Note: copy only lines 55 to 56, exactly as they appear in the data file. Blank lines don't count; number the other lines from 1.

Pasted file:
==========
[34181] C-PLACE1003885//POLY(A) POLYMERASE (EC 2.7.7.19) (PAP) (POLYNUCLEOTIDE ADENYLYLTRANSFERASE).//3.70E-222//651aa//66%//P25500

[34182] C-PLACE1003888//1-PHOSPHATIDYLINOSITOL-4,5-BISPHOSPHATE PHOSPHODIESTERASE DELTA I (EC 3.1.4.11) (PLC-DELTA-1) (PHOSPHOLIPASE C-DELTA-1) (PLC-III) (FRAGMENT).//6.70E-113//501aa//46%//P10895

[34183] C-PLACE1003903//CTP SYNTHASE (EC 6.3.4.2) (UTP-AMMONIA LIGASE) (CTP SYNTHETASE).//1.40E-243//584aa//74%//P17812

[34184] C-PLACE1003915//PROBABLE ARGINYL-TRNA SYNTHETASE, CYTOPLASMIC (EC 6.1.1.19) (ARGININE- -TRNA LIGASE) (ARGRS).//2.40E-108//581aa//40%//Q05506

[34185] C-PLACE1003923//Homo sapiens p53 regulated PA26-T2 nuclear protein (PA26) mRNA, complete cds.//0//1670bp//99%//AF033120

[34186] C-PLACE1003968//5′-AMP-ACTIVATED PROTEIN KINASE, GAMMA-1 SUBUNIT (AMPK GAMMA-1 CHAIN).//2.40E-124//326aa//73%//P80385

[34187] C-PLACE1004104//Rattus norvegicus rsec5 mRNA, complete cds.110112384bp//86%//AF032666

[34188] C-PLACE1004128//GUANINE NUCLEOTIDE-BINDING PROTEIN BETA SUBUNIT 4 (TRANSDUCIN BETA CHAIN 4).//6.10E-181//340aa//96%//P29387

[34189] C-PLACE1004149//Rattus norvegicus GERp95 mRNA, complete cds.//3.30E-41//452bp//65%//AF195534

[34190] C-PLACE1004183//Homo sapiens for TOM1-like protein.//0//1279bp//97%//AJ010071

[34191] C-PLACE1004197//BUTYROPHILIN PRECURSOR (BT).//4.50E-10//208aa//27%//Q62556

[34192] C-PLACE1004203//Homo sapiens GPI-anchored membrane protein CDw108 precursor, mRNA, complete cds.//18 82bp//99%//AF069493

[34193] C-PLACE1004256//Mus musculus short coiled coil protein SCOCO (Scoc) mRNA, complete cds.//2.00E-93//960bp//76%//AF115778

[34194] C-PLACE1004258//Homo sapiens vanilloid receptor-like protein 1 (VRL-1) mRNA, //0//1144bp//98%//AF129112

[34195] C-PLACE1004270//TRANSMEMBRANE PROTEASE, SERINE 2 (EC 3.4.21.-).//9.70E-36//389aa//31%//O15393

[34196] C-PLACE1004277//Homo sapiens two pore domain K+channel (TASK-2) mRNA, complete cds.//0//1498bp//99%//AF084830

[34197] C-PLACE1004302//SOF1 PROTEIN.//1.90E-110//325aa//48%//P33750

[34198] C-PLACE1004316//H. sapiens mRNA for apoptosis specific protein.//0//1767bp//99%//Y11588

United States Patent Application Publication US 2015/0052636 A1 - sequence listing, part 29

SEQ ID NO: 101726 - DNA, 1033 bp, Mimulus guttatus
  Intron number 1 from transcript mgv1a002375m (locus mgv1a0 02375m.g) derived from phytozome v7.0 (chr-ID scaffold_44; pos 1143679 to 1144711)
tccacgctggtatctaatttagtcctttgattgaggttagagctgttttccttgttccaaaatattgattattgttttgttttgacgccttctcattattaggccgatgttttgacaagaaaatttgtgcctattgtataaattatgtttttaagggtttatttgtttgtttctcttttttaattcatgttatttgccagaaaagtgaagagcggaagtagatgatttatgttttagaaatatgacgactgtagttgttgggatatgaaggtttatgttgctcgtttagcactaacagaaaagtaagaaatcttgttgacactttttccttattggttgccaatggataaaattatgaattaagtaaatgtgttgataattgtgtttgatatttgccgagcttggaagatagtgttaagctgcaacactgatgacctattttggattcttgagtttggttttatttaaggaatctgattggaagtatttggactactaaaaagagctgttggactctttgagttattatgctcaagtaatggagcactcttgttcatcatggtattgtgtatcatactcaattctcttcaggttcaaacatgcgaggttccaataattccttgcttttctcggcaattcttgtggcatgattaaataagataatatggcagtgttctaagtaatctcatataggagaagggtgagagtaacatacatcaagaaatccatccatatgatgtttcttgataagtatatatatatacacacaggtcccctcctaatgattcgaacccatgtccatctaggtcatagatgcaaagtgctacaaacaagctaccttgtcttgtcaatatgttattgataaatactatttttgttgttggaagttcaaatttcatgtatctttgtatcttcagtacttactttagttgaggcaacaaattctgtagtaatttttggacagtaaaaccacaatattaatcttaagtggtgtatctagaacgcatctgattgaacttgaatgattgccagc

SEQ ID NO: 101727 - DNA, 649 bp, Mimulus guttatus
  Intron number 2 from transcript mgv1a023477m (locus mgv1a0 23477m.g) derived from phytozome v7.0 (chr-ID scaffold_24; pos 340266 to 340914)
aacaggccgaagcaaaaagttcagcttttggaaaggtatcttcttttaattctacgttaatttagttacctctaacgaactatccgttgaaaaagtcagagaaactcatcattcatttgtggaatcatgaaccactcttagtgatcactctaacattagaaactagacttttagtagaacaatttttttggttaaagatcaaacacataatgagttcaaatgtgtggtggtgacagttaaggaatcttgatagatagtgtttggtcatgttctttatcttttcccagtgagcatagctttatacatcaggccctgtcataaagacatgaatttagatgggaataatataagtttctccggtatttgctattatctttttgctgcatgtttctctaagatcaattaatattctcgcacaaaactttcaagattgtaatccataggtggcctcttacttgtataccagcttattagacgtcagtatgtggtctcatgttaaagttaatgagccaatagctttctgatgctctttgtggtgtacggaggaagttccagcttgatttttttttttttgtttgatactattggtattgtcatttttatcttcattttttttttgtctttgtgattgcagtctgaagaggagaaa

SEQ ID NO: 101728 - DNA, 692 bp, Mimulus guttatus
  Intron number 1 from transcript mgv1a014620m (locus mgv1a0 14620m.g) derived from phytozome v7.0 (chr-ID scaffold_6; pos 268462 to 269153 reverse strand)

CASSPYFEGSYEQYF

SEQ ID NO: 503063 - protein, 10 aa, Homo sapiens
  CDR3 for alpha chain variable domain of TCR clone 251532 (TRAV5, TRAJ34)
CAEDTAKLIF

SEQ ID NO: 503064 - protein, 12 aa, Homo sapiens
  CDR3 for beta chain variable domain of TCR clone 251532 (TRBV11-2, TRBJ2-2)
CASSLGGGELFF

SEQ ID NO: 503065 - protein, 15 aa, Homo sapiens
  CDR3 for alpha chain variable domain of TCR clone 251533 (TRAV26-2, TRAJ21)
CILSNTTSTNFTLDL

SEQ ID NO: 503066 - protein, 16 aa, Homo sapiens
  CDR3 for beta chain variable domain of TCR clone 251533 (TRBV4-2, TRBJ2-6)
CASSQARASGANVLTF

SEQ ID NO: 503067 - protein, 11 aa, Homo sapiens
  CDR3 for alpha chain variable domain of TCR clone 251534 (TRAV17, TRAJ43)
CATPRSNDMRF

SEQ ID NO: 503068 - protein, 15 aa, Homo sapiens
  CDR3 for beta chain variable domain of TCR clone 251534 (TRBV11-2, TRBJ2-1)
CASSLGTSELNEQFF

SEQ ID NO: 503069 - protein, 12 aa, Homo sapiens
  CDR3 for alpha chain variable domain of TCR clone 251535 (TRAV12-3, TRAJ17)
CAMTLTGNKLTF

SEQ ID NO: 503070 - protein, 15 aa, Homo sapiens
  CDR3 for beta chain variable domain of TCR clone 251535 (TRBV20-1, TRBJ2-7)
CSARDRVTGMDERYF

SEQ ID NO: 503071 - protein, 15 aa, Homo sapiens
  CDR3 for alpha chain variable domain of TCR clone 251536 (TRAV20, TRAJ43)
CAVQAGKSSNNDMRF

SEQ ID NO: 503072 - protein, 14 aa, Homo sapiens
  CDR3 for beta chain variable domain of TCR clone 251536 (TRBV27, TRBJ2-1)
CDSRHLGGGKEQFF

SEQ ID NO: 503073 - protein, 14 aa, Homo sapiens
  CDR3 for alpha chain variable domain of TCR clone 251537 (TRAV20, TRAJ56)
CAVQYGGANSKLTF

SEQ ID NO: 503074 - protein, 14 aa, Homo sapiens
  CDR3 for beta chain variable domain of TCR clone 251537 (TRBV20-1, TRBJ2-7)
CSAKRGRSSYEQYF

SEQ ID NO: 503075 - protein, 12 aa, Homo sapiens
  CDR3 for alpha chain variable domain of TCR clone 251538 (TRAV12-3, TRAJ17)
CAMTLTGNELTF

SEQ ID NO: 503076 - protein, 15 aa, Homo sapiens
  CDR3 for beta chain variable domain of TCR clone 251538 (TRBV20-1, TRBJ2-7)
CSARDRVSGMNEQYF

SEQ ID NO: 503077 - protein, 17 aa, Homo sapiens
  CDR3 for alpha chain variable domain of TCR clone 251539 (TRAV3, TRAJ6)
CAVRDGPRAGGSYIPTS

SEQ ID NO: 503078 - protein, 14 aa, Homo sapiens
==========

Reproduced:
CAVQAGKSSNNDMRF

SEQ ID NO: 503072 - protein, 14 aa, Homo sapiens